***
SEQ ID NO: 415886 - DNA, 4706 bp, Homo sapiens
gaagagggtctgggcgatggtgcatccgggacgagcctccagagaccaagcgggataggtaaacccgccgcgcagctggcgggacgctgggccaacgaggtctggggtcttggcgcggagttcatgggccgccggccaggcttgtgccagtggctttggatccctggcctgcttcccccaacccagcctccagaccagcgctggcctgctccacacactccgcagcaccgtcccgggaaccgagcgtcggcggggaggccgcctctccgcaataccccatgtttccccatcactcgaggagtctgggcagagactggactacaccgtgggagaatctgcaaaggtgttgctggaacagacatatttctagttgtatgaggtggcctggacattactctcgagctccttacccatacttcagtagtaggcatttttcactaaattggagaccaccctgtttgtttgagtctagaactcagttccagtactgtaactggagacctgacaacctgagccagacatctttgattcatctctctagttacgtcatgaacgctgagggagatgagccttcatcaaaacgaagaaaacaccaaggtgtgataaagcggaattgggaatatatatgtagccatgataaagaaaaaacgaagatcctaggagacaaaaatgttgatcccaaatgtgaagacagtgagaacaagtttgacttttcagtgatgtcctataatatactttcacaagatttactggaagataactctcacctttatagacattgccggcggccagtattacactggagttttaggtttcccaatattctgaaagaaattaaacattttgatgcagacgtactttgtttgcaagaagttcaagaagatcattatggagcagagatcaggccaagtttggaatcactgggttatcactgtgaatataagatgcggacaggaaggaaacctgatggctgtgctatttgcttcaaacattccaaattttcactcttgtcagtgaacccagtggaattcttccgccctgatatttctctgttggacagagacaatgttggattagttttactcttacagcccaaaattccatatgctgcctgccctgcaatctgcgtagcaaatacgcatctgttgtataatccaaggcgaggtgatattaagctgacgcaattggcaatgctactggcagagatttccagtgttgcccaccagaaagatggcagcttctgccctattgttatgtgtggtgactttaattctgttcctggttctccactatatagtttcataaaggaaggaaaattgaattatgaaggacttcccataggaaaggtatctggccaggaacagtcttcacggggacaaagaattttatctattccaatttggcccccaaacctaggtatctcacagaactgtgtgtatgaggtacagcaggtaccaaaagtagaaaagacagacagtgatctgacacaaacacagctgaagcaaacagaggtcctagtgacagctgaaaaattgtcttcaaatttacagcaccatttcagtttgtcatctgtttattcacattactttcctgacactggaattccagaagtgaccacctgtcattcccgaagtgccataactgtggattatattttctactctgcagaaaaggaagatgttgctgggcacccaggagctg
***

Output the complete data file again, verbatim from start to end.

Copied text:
SEQ ID NO: 415886 - DNA, 4706 bp, Homo sapiens
gaagagggtctgggcgatggtgcatccgggacgagcctccagagaccaagcgggataggtaaacccgccgcgcagctggcgggacgctgggccaacgaggtctggggtcttggcgcggagttcatgggccgccggccaggcttgtgccagtggctttggatccctggcctgcttcccccaacccagcctccagaccagcgctggcctgctccacacactccgcagcaccgtcccgggaaccgagcgtcggcggggaggccgcctctccgcaataccccatgtttccccatcactcgaggagtctgggcagagactggactacaccgtgggagaatctgcaaaggtgttgctggaacagacatatttctagttgtatgaggtggcctggacattactctcgagctccttacccatacttcagtagtaggcatttttcactaaattggagaccaccctgtttgtttgagtctagaactcagttccagtactgtaactggagacctgacaacctgagccagacatctttgattcatctctctagttacgtcatgaacgctgagggagatgagccttcatcaaaacgaagaaaacaccaaggtgtgataaagcggaattgggaatatatatgtagccatgataaagaaaaaacgaagatcctaggagacaaaaatgttgatcccaaatgtgaagacagtgagaacaagtttgacttttcagtgatgtcctataatatactttcacaagatttactggaagataactctcacctttatagacattgccggcggccagtattacactggagttttaggtttcccaatattctgaaagaaattaaacattttgatgcagacgtactttgtttgcaagaagttcaagaagatcattatggagcagagatcaggccaagtttggaatcactgggttatcactgtgaatataagatgcggacaggaaggaaacctgatggctgtgctatttgcttcaaacattccaaattttcactcttgtcagtgaacccagtggaattcttccgccctgatatttctctgttggacagagacaatgttggattagttttactcttacagcccaaaattccatatgctgcctgccctgcaatctgcgtagcaaatacgcatctgttgtataatccaaggcgaggtgatattaagctgacgcaattggcaatgctactggcagagatttccagtgttgcccaccagaaagatggcagcttctgccctattgttatgtgtggtgactttaattctgttcctggttctccactatatagtttcataaaggaaggaaaattgaattatgaaggacttcccataggaaaggtatctggccaggaacagtcttcacggggacaaagaattttatctattccaatttggcccccaaacctaggtatctcacagaactgtgtgtatgaggtacagcaggtaccaaaagtagaaaagacagacagtgatctgacacaaacacagctgaagcaaacagaggtcctagtgacagctgaaaaattgtcttcaaatttacagcaccatttcagtttgtcatctgtttattcacattactttcctgacactggaattccagaagtgaccacctgtcattcccgaagtgccataactgtggattatattttctactctgcagaaaaggaagatgttgctgggcacccaggagctg